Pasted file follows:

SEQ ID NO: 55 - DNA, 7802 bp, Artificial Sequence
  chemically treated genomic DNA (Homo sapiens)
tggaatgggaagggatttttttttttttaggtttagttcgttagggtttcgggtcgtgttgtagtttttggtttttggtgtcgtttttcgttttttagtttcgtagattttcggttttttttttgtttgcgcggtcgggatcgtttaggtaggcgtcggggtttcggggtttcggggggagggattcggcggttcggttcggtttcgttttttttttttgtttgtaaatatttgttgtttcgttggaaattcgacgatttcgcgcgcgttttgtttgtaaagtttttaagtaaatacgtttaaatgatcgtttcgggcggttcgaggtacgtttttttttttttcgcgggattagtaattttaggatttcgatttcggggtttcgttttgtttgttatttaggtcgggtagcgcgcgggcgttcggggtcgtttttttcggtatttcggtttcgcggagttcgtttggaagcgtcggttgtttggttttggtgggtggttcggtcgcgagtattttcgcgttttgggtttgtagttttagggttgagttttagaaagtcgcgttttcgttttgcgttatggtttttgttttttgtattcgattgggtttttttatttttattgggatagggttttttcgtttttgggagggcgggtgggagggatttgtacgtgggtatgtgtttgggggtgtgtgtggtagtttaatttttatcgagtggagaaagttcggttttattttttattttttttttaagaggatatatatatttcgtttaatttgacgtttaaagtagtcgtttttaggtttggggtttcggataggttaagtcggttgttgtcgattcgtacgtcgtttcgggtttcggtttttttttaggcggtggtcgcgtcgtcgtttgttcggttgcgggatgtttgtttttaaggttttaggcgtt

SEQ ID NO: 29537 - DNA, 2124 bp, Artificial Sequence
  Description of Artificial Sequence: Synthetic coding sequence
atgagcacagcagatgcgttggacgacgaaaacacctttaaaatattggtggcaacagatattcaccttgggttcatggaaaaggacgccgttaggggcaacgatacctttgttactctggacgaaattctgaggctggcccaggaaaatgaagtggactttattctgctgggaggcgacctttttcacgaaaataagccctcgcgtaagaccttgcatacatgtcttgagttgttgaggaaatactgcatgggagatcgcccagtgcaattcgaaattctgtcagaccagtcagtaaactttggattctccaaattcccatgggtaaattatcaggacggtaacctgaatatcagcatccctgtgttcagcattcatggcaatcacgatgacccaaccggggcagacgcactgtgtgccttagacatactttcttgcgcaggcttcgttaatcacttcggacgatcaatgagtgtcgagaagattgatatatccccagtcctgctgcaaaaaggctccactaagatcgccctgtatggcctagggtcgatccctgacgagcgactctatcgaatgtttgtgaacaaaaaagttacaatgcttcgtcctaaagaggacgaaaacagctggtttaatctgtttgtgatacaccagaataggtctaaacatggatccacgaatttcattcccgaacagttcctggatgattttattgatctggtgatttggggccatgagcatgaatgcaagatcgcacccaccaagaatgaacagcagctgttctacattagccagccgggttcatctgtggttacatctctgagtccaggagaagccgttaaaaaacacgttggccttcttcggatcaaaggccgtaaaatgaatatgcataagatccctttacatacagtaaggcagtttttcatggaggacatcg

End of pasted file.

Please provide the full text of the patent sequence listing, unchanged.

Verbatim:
SEQ ID NO: 55 - DNA, 7802 bp, Artificial Sequence
  chemically treated genomic DNA (Homo sapiens)
tggaatgggaagggatttttttttttttaggtttagttcgttagggtttcgggtcgtgttgtagtttttggtttttggtgtcgtttttcgttttttagtttcgtagattttcggttttttttttgtttgcgcggtcgggatcgtttaggtaggcgtcggggtttcggggtttcggggggagggattcggcggttcggttcggtttcgttttttttttttgtttgtaaatatttgttgtttcgttggaaattcgacgatttcgcgcgcgttttgtttgtaaagtttttaagtaaatacgtttaaatgatcgtttcgggcggttcgaggtacgtttttttttttttcgcgggattagtaattttaggatttcgatttcggggtttcgttttgtttgttatttaggtcgggtagcgcgcgggcgttcggggtcgtttttttcggtatttcggtttcgcggagttcgtttggaagcgtcggttgtttggttttggtgggtggttcggtcgcgagtattttcgcgttttgggtttgtagttttagggttgagttttagaaagtcgcgttttcgttttgcgttatggtttttgttttttgtattcgattgggtttttttatttttattgggatagggttttttcgtttttgggagggcgggtgggagggatttgtacgtgggtatgtgtttgggggtgtgtgtggtagtttaatttttatcgagtggagaaagttcggttttattttttattttttttttaagaggatatatatatttcgtttaatttgacgtttaaagtagtcgtttttaggtttggggtttcggataggttaagtcggttgttgtcgattcgtacgtcgtttcgggtttcggtttttttttaggcggtggtcgcgtcgtcgtttgttcggttgcgggatgtttgtttttaaggttttaggcgtt

SEQ ID NO: 29537 - DNA, 2124 bp, Artificial Sequence
  Description of Artificial Sequence: Synthetic coding sequence
atgagcacagcagatgcgttggacgacgaaaacacctttaaaatattggtggcaacagatattcaccttgggttcatggaaaaggacgccgttaggggcaacgatacctttgttactctggacgaaattctgaggctggcccaggaaaatgaagtggactttattctgctgggaggcgacctttttcacgaaaataagccctcgcgtaagaccttgcatacatgtcttgagttgttgaggaaatactgcatgggagatcgcccagtgcaattcgaaattctgtcagaccagtcagtaaactttggattctccaaattcccatgggtaaattatcaggacggtaacctgaatatcagcatccctgtgttcagcattcatggcaatcacgatgacccaaccggggcagacgcactgtgtgccttagacatactttcttgcgcaggcttcgttaatcacttcggacgatcaatgagtgtcgagaagattgatatatccccagtcctgctgcaaaaaggctccactaagatcgccctgtatggcctagggtcgatccctgacgagcgactctatcgaatgtttgtgaacaaaaaagttacaatgcttcgtcctaaagaggacgaaaacagctggtttaatctgtttgtgatacaccagaataggtctaaacatggatccacgaatttcattcccgaacagttcctggatgattttattgatctggtgatttggggccatgagcatgaatgcaagatcgcacccaccaagaatgaacagcagctgttctacattagccagccgggttcatctgtggttacatctctgagtccaggagaagccgttaaaaaacacgttggccttcttcggatcaaaggccgtaaaatgaatatgcataagatccctttacatacagtaaggcagtttttcatggaggacatcg